About a month ago my wife and our youngest kid decided we were a puzzle family. So they bought three puzzles, cleared off the dining room table, and started the first puzzle.
It went well. As it should have. We are (relatively) smart, and we had time. It was fun to spend time on a project as a family. The puzzle finished pretty quickly and I was left wondering “what is this huge hype around the world about doing puzzles? It’s too easy!”
Then, we started the second puzzle. It was way harder. Significantly harder. That’s okay though… we were puzzle rookies, and maybe we just happened to buy the hardest puzzle on the market. Somehow, with persistence, we muscled through it and finished the puzzle. Because, you know, we were smart.
So then… the third puzzle. We dumped it out on the table, flipped all the pieces right-side-up, and started finding all of the corners and edges. Immediately we realized that about 90% of the pieces all had the same coloring (black or almost black). This Harry Potter puzzle is (we still aren’t done) freaking hard. The pieces are way more varied than the other puzzles we have done. The colors are not helpful. And the way the pieces fit together are different than the other puzzles. We have definitely stepped into a new level of puzzling here. And we have, many times, questioned whether we are indeed a puzzle family or not.
Of course, me being me, I’ve thought about the parallels between our puzzling experiences and the job search. Here’s what I’ve come up with:
The System that Worked Before Won’t Work Every Time
The way I did the first puzzle was WAY different than how I am approaching this puzzle. The first puzzle had so much variety in coloring and patterns of the image that I only looked at the picture. And it worked just fine. But with this puzzle there are probably 50 or 100 pieces that are just plain black. No color patterns or differentiation.
When I started my Big Failed Job Search in 2006 I had to learn completely new tactics than what I thought I would be doing. Gone were the days of buying a newspaper and sitting at the kitchen table circling job ads in the wanted section. No, no, no.
When you start your job search today you’ll learn there are new ways to do things, and that some of the old ways just won’t work anymore.
Learn Job Search Tactics From Others
While working on the last puzzle our neighbor kids were over… a seven and a ten year old girl. I was sitting at the bench and they were on either side of me, standing. They kept saying “oh! I found a swoosh!” with glee. It was exciting for them. I kept looking at the picture of what I was creating and wondering “where in the heck is the swoosh??” After about the tenth time of their excitement I asked: “What is a swoosh?” Like it’s some little girl secret that I wasn’t privy to.
I was honestly shocked when they showed me the swoosh was a certain shape on some puzzle pieces. I realized they didn’t care about the colors of the pieces, or the pattern we were looking for… they ignored both of those. They were looking at the shapes of individual pieces. These girls could have put the puzzle together upside-down because they were looking at how pieces fit together!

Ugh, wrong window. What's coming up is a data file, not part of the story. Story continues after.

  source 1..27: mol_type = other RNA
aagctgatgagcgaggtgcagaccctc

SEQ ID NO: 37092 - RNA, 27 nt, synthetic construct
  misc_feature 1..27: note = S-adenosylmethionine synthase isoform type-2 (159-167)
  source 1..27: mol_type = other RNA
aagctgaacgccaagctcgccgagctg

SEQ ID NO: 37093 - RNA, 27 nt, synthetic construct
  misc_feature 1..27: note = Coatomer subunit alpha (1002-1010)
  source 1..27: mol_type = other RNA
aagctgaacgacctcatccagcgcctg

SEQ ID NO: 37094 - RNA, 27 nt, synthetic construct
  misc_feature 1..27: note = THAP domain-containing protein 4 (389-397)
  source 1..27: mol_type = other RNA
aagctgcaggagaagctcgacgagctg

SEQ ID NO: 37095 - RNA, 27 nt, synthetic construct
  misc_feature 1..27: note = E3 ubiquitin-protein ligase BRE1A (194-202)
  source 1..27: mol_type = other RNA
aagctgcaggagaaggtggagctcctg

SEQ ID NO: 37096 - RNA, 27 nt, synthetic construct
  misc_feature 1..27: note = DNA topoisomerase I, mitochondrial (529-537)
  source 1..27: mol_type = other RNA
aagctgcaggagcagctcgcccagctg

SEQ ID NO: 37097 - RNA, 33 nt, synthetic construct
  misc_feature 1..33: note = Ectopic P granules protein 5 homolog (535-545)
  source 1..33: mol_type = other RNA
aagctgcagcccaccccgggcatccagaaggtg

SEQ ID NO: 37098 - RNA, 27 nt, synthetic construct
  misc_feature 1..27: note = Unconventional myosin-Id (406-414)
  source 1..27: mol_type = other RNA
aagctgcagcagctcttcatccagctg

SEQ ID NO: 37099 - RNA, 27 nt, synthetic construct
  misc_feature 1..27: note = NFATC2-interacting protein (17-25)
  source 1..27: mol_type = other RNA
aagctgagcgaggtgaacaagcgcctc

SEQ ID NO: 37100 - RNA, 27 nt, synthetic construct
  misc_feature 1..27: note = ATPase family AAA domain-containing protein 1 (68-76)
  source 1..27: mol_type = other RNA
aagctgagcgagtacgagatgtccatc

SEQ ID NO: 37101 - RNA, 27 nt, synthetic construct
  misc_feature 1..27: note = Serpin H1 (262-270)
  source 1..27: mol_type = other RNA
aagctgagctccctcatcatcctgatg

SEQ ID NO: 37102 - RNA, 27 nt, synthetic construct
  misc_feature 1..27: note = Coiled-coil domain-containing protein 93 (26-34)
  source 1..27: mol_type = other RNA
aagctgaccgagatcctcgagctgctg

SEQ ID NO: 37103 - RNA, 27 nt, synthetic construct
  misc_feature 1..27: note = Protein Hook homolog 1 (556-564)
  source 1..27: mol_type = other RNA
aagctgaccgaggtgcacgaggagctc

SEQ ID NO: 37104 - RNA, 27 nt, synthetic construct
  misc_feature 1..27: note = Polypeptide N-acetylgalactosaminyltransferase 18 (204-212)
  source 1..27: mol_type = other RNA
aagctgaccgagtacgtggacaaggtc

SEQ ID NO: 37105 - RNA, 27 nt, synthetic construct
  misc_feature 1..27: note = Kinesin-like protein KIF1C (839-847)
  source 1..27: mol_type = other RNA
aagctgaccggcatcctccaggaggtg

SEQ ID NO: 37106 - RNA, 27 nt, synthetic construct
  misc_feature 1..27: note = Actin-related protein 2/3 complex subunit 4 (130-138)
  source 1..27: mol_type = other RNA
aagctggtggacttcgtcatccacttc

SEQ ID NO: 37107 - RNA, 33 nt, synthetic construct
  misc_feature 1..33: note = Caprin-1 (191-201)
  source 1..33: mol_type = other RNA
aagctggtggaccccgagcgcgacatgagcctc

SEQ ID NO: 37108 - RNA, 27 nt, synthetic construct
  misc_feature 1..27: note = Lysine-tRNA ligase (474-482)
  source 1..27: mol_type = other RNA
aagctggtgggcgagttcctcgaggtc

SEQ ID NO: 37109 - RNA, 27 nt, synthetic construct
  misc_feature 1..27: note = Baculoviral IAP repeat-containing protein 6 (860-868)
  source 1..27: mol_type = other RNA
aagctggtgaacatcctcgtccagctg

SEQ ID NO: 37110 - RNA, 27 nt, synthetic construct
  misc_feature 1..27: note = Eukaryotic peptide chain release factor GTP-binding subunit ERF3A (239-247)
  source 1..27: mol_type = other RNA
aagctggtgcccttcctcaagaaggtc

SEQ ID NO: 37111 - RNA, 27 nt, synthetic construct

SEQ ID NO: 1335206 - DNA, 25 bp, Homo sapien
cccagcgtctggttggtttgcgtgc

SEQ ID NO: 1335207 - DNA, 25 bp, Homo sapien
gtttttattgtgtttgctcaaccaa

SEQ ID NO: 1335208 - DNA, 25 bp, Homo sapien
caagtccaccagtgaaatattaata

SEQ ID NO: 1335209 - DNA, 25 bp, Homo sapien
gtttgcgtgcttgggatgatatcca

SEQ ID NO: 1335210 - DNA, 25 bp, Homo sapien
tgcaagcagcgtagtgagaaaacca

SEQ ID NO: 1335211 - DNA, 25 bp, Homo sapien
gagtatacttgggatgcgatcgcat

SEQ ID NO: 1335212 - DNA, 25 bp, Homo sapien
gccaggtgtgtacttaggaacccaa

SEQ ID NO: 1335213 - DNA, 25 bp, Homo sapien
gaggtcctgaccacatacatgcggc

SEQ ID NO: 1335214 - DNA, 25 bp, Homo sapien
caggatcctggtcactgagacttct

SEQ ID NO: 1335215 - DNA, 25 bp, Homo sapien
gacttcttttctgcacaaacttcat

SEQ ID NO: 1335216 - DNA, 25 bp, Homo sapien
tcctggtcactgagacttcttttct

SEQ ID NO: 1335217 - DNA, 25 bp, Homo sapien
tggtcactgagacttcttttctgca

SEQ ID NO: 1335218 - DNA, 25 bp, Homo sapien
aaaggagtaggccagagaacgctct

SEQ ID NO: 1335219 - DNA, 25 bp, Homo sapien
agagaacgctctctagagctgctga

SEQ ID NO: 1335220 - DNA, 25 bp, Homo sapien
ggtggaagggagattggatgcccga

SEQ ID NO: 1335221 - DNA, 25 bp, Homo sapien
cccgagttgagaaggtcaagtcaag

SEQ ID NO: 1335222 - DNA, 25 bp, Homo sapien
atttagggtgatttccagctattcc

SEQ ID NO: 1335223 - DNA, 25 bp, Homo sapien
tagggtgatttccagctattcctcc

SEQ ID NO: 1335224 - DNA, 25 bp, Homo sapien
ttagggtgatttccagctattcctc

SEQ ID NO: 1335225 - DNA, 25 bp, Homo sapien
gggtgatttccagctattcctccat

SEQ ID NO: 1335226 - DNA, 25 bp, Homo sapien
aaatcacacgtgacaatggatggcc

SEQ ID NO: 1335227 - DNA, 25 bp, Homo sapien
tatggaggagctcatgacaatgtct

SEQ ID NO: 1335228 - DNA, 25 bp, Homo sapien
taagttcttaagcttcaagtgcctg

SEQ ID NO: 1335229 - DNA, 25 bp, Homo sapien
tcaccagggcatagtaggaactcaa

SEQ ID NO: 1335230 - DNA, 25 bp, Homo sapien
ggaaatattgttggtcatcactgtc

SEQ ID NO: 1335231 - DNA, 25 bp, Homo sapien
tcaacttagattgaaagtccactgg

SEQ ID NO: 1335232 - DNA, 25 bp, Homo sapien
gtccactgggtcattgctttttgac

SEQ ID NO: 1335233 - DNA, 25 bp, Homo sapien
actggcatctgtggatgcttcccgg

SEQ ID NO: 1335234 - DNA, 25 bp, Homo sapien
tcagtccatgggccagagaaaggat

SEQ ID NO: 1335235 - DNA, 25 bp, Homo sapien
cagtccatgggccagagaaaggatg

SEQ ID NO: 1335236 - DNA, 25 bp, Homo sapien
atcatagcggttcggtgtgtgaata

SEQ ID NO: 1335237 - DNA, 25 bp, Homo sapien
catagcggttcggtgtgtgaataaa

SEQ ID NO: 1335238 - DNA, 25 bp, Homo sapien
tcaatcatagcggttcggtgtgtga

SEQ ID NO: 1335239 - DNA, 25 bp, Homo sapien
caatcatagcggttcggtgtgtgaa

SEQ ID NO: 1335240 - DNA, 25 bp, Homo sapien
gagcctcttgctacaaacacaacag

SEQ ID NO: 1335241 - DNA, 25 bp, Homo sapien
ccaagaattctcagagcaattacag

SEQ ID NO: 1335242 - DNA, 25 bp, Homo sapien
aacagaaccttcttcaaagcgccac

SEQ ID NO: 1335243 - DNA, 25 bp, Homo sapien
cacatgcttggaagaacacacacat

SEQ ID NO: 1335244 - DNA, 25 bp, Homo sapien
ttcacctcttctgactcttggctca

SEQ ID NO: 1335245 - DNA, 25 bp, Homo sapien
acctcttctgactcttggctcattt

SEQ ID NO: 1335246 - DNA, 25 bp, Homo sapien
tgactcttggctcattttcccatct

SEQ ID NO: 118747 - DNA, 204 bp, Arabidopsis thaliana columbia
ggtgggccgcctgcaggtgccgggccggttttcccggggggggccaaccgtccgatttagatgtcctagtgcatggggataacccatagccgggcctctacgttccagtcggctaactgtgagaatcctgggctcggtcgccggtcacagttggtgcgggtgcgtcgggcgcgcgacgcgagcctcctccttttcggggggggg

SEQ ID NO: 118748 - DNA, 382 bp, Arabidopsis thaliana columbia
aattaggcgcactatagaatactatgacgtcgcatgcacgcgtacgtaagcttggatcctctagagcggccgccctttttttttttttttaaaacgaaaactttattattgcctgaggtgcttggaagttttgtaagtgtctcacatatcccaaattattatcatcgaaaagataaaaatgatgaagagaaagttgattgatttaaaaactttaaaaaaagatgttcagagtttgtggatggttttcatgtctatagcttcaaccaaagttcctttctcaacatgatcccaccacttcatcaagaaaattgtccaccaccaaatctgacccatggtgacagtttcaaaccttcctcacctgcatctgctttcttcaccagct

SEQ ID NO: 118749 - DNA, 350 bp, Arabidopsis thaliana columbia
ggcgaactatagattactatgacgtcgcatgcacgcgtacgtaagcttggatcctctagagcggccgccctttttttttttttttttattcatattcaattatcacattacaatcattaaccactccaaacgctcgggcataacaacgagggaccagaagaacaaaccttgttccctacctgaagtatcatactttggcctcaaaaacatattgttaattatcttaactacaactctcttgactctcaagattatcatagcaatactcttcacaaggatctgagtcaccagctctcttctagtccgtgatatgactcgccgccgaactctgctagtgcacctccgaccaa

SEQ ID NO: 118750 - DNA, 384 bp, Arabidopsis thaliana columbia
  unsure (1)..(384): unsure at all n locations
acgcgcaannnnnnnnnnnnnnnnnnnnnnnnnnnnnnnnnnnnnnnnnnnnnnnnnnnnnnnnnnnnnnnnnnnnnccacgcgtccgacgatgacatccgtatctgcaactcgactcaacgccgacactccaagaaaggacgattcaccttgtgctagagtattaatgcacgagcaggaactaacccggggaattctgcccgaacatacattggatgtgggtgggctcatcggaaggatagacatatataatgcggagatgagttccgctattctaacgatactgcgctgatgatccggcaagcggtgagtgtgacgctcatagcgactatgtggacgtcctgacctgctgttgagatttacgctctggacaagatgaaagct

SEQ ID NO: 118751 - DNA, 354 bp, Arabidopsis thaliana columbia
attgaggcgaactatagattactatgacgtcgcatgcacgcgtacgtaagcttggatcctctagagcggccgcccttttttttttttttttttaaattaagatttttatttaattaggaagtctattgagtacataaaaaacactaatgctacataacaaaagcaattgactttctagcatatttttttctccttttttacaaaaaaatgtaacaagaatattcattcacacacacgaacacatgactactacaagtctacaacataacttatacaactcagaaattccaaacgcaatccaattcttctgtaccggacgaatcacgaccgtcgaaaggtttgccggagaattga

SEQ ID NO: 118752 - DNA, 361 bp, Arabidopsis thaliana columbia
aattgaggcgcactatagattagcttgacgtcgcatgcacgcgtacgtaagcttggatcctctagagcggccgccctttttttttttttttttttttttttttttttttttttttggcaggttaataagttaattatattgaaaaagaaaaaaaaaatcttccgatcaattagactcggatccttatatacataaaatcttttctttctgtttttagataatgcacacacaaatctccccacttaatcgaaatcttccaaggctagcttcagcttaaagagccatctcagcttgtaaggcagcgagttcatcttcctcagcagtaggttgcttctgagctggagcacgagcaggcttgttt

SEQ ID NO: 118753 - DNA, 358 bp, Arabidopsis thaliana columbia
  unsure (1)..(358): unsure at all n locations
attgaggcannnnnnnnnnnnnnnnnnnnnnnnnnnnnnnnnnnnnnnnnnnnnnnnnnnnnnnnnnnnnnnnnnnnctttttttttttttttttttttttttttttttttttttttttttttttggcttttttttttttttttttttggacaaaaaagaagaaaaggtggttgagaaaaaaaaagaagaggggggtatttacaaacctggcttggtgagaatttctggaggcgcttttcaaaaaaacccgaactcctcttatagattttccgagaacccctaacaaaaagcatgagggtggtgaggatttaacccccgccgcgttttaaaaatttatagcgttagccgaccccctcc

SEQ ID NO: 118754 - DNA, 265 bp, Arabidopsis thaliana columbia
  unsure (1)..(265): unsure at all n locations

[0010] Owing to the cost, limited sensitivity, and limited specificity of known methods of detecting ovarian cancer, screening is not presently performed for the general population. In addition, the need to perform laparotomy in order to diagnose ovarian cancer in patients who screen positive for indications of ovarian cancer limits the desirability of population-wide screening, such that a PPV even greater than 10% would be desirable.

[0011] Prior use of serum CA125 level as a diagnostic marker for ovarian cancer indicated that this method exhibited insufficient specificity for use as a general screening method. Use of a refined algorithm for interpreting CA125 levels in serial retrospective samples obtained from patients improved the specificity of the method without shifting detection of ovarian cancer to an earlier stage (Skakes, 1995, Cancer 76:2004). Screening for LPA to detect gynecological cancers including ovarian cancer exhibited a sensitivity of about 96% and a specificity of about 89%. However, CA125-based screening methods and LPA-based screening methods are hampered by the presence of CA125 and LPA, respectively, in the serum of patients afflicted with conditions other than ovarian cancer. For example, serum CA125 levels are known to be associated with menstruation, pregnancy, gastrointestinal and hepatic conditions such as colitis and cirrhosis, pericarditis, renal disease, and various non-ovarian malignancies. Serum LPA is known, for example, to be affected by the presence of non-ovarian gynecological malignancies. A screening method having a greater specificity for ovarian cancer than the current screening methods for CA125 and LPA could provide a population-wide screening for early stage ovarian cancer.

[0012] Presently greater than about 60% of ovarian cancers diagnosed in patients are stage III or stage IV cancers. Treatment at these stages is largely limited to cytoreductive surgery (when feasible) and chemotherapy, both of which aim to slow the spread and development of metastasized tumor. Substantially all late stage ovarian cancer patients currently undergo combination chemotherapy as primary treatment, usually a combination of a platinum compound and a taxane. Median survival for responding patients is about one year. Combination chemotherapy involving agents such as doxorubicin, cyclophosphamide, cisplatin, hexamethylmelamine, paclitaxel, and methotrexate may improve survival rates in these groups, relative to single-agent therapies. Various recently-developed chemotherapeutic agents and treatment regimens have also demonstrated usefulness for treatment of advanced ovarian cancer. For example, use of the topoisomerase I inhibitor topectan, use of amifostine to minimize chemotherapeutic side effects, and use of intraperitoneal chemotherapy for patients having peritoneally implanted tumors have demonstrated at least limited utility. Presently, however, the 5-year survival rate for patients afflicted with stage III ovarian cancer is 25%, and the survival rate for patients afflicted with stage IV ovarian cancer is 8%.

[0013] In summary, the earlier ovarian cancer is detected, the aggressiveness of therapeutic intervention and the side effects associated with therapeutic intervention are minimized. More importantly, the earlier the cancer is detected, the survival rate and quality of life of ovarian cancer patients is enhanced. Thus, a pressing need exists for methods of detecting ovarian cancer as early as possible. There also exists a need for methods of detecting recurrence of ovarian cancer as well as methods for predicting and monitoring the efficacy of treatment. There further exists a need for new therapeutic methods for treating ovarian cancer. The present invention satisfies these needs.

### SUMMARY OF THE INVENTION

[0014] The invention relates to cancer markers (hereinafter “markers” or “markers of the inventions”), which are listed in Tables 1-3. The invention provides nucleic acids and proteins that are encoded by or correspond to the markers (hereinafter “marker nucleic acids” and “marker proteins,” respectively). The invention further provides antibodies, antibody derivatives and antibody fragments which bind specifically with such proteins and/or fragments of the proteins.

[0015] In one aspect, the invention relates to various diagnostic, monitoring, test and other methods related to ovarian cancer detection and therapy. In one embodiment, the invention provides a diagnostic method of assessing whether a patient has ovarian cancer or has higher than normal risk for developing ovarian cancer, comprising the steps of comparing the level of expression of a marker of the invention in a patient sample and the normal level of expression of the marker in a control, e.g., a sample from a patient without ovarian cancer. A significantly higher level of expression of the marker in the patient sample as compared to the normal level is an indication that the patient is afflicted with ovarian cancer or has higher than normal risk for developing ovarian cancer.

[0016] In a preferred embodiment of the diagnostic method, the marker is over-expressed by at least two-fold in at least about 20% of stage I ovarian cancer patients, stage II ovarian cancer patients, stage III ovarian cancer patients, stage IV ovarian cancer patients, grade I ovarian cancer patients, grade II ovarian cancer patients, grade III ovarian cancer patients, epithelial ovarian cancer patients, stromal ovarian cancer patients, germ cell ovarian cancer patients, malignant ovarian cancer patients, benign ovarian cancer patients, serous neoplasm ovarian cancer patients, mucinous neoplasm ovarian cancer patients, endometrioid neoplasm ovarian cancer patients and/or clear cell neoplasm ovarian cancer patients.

And, while I was staring at what was in front of me, making no progress, these girls had put in like 10 pieces. This was the perfect example of learning from others, no matter who they were. In fact, learning from these children opened my eyes in new ways. I invite you to learn from others in your job search. Learn from people outside of your industry. Learn from insiders, old-timers, and as they say in India, “freshers.”
Just learn. Be open to new ideas, methods, approaches, etc. This, by the way, is a life skill that applies to just about everything we do… not just a current job search.
Progress Is Progress
Sometimes we’ll go to bed having put in like 3 or four pieces. Or, none at all (as is the case with this Harry Potter puzzle). I’ve learned that even finding ONE piece can be a major victory. And, over time, with the help of others, one piece leads to two, which leads to three, which leads to a whole section done, and the next thing you know you are putting in that last piece.
In the job search it is easy to feel like we are not making progress at all. We go to bed and think “well, I’ve sent ten emails and left three voice mails and haven’t heard back from anyone.” Dejection. Depression. I know it well.
But, ten emails and three voice mails today, and then again tomorrow, and then again the next day, add up. Eventually you’ll talk to someone. And then you’ll get closer to, as I say, “having the right conversation with the right people.” That is, eventually talking to a hiring manager about an opportunity you are hot on. Which, by the way, what my six week job search program is all about.
I know slow progress is frustrating. Not seeing forward movement is discouraging. Just realize that everything you are doing is moving you closer to your job. I know it doesn’t seem like you’ll ever get there, but you will.
Blaming Everything Becomes the Distraction
When we started one of our recent puzzles we were absolutely sure there were pieces missing. There were about 7 edge pieces missing… and we just couldn’t find them. So we counted puzzle pieces. Have you ever done that? It’s like counting goldfish in a bag (side note: I’ve done this plenty of times, since one of the snakes I owned only ate goldfish… counting goldfish is HARD. Harder than counting chickens :p).